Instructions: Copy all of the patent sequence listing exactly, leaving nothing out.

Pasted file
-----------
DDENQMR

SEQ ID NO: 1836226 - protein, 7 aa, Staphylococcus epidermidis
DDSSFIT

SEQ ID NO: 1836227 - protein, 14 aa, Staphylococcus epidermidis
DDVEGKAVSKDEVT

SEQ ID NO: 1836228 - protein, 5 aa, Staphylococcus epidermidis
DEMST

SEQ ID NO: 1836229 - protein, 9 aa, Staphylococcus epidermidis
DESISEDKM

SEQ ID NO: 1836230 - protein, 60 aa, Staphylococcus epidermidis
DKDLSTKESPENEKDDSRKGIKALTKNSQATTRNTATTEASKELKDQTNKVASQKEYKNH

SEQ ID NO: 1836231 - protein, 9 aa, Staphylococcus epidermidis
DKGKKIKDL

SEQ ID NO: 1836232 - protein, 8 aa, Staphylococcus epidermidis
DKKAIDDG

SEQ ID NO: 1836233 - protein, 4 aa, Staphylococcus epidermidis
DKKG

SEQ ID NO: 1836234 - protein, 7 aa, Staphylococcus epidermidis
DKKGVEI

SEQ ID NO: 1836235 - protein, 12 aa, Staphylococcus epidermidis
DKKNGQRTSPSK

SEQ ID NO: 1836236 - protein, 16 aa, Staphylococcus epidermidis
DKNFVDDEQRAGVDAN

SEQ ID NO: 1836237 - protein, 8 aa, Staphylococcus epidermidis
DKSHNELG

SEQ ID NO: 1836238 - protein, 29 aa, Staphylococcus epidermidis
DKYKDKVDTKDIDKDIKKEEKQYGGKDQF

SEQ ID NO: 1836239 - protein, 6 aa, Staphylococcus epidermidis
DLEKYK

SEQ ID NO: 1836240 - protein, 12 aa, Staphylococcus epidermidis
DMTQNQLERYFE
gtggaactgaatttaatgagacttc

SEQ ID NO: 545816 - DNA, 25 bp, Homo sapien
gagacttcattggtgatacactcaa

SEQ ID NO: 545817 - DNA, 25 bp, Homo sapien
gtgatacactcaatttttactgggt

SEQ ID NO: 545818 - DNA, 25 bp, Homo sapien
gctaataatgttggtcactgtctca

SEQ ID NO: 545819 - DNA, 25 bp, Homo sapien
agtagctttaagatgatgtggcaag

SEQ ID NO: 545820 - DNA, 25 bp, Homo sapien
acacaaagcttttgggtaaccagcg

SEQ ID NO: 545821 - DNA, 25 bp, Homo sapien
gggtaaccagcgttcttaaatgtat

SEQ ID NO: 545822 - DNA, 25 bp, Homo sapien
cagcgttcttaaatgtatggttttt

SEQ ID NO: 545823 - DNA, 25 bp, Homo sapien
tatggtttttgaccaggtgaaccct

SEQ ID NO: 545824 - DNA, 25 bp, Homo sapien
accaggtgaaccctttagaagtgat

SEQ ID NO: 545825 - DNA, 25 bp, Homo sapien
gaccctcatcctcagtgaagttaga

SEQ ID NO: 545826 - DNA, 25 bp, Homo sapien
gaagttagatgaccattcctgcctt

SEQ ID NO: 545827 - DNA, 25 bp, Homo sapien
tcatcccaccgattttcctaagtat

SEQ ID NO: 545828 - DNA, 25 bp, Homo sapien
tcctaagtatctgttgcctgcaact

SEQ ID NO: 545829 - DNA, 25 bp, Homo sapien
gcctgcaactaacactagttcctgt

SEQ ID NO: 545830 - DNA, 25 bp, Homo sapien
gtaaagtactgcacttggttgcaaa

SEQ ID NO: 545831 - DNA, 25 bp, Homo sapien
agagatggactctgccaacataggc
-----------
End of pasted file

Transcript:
DDENQMR

SEQ ID NO: 1836226 - protein, 7 aa, Staphylococcus epidermidis
DDSSFIT

SEQ ID NO: 1836227 - protein, 14 aa, Staphylococcus epidermidis
DDVEGKAVSKDEVT

SEQ ID NO: 1836228 - protein, 5 aa, Staphylococcus epidermidis
DEMST

SEQ ID NO: 1836229 - protein, 9 aa, Staphylococcus epidermidis
DESISEDKM

SEQ ID NO: 1836230 - protein, 60 aa, Staphylococcus epidermidis
DKDLSTKESPENEKDDSRKGIKALTKNSQATTRNTATTEASKELKDQTNKVASQKEYKNH

SEQ ID NO: 1836231 - protein, 9 aa, Staphylococcus epidermidis
DKGKKIKDL

SEQ ID NO: 1836232 - protein, 8 aa, Staphylococcus epidermidis
DKKAIDDG

SEQ ID NO: 1836233 - protein, 4 aa, Staphylococcus epidermidis
DKKG

SEQ ID NO: 1836234 - protein, 7 aa, Staphylococcus epidermidis
DKKGVEI

SEQ ID NO: 1836235 - protein, 12 aa, Staphylococcus epidermidis
DKKNGQRTSPSK

SEQ ID NO: 1836236 - protein, 16 aa, Staphylococcus epidermidis
DKNFVDDEQRAGVDAN

SEQ ID NO: 1836237 - protein, 8 aa, Staphylococcus epidermidis
DKSHNELG

SEQ ID NO: 1836238 - protein, 29 aa, Staphylococcus epidermidis
DKYKDKVDTKDIDKDIKKEEKQYGGKDQF

SEQ ID NO: 1836239 - protein, 6 aa, Staphylococcus epidermidis
DLEKYK

SEQ ID NO: 1836240 - protein, 12 aa, Staphylococcus epidermidis
DMTQNQLERYFE
gtggaactgaatttaatgagacttc

SEQ ID NO: 545816 - DNA, 25 bp, Homo sapien
gagacttcattggtgatacactcaa

SEQ ID NO: 545817 - DNA, 25 bp, Homo sapien
gtgatacactcaatttttactgggt

SEQ ID NO: 545818 - DNA, 25 bp, Homo sapien
gctaataatgttggtcactgtctca

SEQ ID NO: 545819 - DNA, 25 bp, Homo sapien
agtagctttaagatgatgtggcaag

SEQ ID NO: 545820 - DNA, 25 bp, Homo sapien
acacaaagcttttgggtaaccagcg

SEQ ID NO: 545821 - DNA, 25 bp, Homo sapien
gggtaaccagcgttcttaaatgtat

SEQ ID NO: 545822 - DNA, 25 bp, Homo sapien
cagcgttcttaaatgtatggttttt

SEQ ID NO: 545823 - DNA, 25 bp, Homo sapien
tatggtttttgaccaggtgaaccct

SEQ ID NO: 545824 - DNA, 25 bp, Homo sapien
accaggtgaaccctttagaagtgat

SEQ ID NO: 545825 - DNA, 25 bp, Homo sapien
gaccctcatcctcagtgaagttaga

SEQ ID NO: 545826 - DNA, 25 bp, Homo sapien
gaagttagatgaccattcctgcctt

SEQ ID NO: 545827 - DNA, 25 bp, Homo sapien
tcatcccaccgattttcctaagtat

SEQ ID NO: 545828 - DNA, 25 bp, Homo sapien
tcctaagtatctgttgcctgcaact

SEQ ID NO: 545829 - DNA, 25 bp, Homo sapien
gcctgcaactaacactagttcctgt

SEQ ID NO: 545830 - DNA, 25 bp, Homo sapien
gtaaagtactgcacttggttgcaaa

SEQ ID NO: 545831 - DNA, 25 bp, Homo sapien
agagatggactctgccaacataggc